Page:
NICE has published guidelines to maximise the safety of adults with chronic kidney disease (CKD) during the COVID-19 pandemic. Here, we provide a summary of the key recommendations.
- Communicate patients/families/carers, and support their mental well-being.
- Provide advice on shielding and protecting.
- Minimise face-to-face contact.
- If a face-to-face appointment is needed, screen patient by phone on the day of the appointment and again on arrival (including temperature check).
- Patients should attend appointments with no more than one other person.
- Minimise time in the waiting area, e.g., text patients when you are ready to see them so that they can wait in the car.
- Instruct patients due for a nephrology appointment to continue taking their medication unless advised otherwise by their health care professional.
Patients with known or suspected COVID-19
- Follow UK guidance on infection prevention and control for COVID-19.
- If COVID‑19 is later diagnosed in a patient not isolated from admission or presentation, follow guidance on the management of exposed health care workers and patients in health care settings.
- If a patient not previously known or suspected to have COVID‑19 shows symptoms at presentation, follow UK guidance on investigation and initial clinical management of possible cases.
Modifying usual care
- Consider modifications to usual care to reduce patient exposure to COVID‑19.
- Discuss the risks and benefits of changing or interrupting treatment schedules.
- Advise patients to continue taking their medicines (including angiotensin-converting enzyme (ACE) inhibitors, angiotensin receptor blockers (ARBs), immunosuppressants and diuretics) as normal, unless advised to stop by their health care professional. This includes patients who have symptoms of COVID‑19.
- There is no high-quality evidence that ACE inhibitors or ARBs worsen COVID‑19.
- For patients with CKD and suspected or confirmed COVID‑19, review medicines for any potential to adversely affect renal function.
- Reassess renal function in patients with CKD who have recovered from COVID‑19.
- For patients who are stable on treatment, assess whether it is safe to reduce the frequency of blood and urine tests.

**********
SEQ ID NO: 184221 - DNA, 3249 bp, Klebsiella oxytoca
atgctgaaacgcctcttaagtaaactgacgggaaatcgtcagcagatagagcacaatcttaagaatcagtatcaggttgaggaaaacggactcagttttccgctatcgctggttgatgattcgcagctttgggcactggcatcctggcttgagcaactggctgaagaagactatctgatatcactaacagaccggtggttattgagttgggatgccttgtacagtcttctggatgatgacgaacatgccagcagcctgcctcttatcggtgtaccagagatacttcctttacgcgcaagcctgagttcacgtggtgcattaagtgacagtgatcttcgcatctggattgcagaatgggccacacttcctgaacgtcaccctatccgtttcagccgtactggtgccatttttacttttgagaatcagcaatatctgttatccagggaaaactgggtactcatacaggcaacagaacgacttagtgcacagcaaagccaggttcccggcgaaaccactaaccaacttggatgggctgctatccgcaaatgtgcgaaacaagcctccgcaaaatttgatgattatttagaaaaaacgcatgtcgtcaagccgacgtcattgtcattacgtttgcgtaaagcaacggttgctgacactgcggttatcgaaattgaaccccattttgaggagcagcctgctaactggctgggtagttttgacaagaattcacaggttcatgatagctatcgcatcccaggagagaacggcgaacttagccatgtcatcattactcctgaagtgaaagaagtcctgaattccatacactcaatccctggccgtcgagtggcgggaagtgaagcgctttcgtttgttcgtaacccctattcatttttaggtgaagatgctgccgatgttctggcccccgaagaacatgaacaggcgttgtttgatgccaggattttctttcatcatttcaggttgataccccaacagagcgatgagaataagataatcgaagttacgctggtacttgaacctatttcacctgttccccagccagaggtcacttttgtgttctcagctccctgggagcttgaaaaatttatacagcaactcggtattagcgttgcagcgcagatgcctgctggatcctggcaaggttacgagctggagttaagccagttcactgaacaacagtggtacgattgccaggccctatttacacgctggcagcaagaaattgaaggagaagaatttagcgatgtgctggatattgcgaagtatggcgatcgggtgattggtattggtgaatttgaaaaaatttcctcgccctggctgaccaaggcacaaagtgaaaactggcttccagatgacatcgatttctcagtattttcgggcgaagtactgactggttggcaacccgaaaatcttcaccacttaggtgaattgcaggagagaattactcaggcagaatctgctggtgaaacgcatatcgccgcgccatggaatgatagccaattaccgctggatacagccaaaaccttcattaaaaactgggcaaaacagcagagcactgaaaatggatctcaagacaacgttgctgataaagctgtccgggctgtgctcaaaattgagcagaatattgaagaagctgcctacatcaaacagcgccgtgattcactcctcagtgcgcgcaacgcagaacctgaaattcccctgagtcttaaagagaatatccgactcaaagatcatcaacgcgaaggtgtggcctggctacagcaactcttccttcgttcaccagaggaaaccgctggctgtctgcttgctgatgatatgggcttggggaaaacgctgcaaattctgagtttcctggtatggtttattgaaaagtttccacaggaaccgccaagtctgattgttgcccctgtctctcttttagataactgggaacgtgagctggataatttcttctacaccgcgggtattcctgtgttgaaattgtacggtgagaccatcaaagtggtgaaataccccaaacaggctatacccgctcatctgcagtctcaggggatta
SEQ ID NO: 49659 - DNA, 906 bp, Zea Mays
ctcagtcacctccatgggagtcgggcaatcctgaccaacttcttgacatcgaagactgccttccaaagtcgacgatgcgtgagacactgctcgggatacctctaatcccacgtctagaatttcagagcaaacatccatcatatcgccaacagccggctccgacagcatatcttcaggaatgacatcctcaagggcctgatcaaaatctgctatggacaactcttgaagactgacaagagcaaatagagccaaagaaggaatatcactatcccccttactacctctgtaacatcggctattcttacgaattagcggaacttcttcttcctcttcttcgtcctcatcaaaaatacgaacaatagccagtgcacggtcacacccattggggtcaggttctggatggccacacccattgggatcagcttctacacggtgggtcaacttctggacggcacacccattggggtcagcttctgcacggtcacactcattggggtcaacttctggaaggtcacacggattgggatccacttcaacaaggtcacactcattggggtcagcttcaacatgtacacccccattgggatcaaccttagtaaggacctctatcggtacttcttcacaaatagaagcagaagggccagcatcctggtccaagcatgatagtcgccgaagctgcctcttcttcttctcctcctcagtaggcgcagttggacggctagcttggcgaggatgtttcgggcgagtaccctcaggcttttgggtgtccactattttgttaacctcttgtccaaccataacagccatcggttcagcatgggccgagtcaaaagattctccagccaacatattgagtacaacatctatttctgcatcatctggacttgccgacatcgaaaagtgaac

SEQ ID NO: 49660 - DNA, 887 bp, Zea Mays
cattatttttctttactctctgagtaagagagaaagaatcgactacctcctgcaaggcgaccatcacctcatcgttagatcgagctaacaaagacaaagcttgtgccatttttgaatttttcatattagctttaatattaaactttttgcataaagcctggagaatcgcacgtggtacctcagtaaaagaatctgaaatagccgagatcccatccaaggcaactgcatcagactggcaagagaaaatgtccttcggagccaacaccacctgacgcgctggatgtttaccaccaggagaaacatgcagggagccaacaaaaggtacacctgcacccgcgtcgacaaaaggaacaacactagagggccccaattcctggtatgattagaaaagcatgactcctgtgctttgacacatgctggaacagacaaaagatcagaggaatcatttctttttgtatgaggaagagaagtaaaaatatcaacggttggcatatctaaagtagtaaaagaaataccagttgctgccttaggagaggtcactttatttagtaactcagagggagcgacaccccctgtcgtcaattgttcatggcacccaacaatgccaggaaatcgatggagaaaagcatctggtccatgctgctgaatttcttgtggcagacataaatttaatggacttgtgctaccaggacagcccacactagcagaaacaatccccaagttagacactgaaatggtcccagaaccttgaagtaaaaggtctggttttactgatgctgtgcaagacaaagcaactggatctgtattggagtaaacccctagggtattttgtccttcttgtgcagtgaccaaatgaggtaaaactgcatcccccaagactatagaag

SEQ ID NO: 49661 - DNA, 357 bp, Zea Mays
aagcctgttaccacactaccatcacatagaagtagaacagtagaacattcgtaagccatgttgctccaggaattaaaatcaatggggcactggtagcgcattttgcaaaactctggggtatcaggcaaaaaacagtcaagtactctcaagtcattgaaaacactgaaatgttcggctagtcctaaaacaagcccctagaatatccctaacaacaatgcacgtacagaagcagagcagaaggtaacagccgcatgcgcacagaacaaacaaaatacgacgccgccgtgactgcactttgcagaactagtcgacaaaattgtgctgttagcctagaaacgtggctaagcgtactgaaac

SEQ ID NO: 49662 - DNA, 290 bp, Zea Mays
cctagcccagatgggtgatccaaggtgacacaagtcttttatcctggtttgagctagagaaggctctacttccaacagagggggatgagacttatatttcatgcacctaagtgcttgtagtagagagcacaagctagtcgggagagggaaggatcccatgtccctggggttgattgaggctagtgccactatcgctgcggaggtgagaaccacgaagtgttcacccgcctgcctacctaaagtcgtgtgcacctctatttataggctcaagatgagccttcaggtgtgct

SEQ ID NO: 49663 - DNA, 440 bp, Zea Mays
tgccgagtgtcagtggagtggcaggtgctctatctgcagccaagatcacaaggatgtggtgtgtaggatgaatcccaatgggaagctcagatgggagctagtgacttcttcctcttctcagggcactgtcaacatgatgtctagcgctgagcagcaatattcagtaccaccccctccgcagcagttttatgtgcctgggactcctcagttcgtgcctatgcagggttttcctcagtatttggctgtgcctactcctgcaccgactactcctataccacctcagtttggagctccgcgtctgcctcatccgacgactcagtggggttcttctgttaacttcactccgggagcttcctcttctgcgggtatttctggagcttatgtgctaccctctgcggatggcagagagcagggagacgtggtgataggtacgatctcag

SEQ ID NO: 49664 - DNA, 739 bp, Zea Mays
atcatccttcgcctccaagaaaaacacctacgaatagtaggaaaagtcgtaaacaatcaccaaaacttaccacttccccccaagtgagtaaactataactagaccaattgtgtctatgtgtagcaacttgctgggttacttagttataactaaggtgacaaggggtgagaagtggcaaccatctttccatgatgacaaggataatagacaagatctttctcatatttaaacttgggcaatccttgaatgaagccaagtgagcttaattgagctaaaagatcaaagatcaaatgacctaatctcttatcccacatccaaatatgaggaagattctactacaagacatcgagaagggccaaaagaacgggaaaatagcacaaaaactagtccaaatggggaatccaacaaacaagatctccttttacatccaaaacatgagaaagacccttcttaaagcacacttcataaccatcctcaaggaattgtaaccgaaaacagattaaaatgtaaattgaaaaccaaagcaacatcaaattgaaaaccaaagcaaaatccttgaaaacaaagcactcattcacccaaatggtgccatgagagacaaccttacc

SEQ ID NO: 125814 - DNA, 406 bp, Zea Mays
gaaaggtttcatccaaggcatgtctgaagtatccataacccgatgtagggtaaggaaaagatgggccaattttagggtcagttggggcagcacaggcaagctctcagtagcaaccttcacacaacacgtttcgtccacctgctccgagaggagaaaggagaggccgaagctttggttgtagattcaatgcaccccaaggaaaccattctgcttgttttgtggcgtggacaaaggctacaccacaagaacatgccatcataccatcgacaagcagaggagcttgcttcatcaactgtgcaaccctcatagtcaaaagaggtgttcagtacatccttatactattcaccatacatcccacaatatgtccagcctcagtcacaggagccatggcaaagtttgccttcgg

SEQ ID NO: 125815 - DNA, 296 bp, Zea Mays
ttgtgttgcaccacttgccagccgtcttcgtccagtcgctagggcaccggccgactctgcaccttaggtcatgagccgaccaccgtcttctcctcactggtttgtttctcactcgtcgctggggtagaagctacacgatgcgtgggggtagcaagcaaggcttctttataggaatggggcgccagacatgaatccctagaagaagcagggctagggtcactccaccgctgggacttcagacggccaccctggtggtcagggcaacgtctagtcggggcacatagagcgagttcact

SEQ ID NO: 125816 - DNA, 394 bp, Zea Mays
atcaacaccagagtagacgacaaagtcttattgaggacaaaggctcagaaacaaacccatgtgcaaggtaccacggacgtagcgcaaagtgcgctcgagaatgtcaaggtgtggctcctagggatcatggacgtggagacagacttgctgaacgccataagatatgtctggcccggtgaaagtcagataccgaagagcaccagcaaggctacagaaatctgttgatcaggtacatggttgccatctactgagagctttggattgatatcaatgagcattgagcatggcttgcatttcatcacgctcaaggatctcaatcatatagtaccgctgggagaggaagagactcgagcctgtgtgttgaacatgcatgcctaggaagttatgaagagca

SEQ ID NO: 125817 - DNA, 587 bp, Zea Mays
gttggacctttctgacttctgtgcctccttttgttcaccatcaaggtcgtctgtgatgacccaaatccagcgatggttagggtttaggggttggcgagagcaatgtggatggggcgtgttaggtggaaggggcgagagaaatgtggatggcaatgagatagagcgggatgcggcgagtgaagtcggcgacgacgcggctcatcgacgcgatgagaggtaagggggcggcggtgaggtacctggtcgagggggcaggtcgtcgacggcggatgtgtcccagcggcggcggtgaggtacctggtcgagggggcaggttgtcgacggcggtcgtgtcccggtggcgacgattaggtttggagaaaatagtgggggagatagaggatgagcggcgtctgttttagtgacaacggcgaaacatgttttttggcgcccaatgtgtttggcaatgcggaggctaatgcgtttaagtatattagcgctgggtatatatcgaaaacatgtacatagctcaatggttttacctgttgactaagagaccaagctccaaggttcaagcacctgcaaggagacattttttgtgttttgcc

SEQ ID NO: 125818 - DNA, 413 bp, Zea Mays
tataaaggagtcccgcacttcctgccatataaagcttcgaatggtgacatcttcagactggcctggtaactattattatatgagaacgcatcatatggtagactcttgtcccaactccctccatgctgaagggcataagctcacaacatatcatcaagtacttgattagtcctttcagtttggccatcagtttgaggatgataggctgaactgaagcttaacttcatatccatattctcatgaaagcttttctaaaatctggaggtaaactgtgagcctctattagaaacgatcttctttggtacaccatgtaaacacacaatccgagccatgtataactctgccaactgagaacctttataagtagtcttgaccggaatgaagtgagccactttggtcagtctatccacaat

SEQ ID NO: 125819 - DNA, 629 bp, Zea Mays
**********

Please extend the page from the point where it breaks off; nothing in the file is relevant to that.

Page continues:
- Encourage self-monitoring and self-management.
Referral to renal services
- To minimise risk from COVID‑19, delay non-urgent referral.
- Continue to refer patients for urgent outpatient appointments if there is a clinical need, for example:
- Accelerated progression of CKD, defined as:
- a sustained decrease in glomerular filtration rate (GFR) of 25 per cent or more and a change in GFR category within 12 months or
- a sustained decrease in GFR of 15 mL/min/1.73 m2 per year.
- Nephrotic syndrome or very severe proteinuria (urinary albumin to creatinine ratio more than 300 mg/mmol).
- A new diagnosis of GFR category G5 (GFR less than 15 mL/min/1.73 m2).
- Contact the renal team if there is uncertainty about urgency.
- To minimise the risk, delay referral if the result is unlikely to change management immediately, for example, if the patient has:
- a family history of polycystic kidney disease and needs renal ultrasound to exclude this disease;
- a GFR less than 30 mL/min/1.73 m2 (GFR category G4 or G5) that has been stable for ≥6 months; and
- been identified by a nephrologist as having a possible need for a non‑urgent renal biopsy.
- Refer if the result might immediately change management, for example, if the patient has:
- accelerated progression of CKD,
- visible or persistent invisible haematuria,
- symptoms of urinary tract obstruction, and
- been identified by a nephrologist as needing an urgent renal biopsy.
- Continue to plan and carry out procedures to create vascular and peritoneal access for patients who will be starting dialysis.
- Consider whether it is safe to delay starting dialysis.
- Continue to refer patients for transplantation, if suitable.
- Ensure patients with advanced CKD have the opportunity to participate in advance care planning.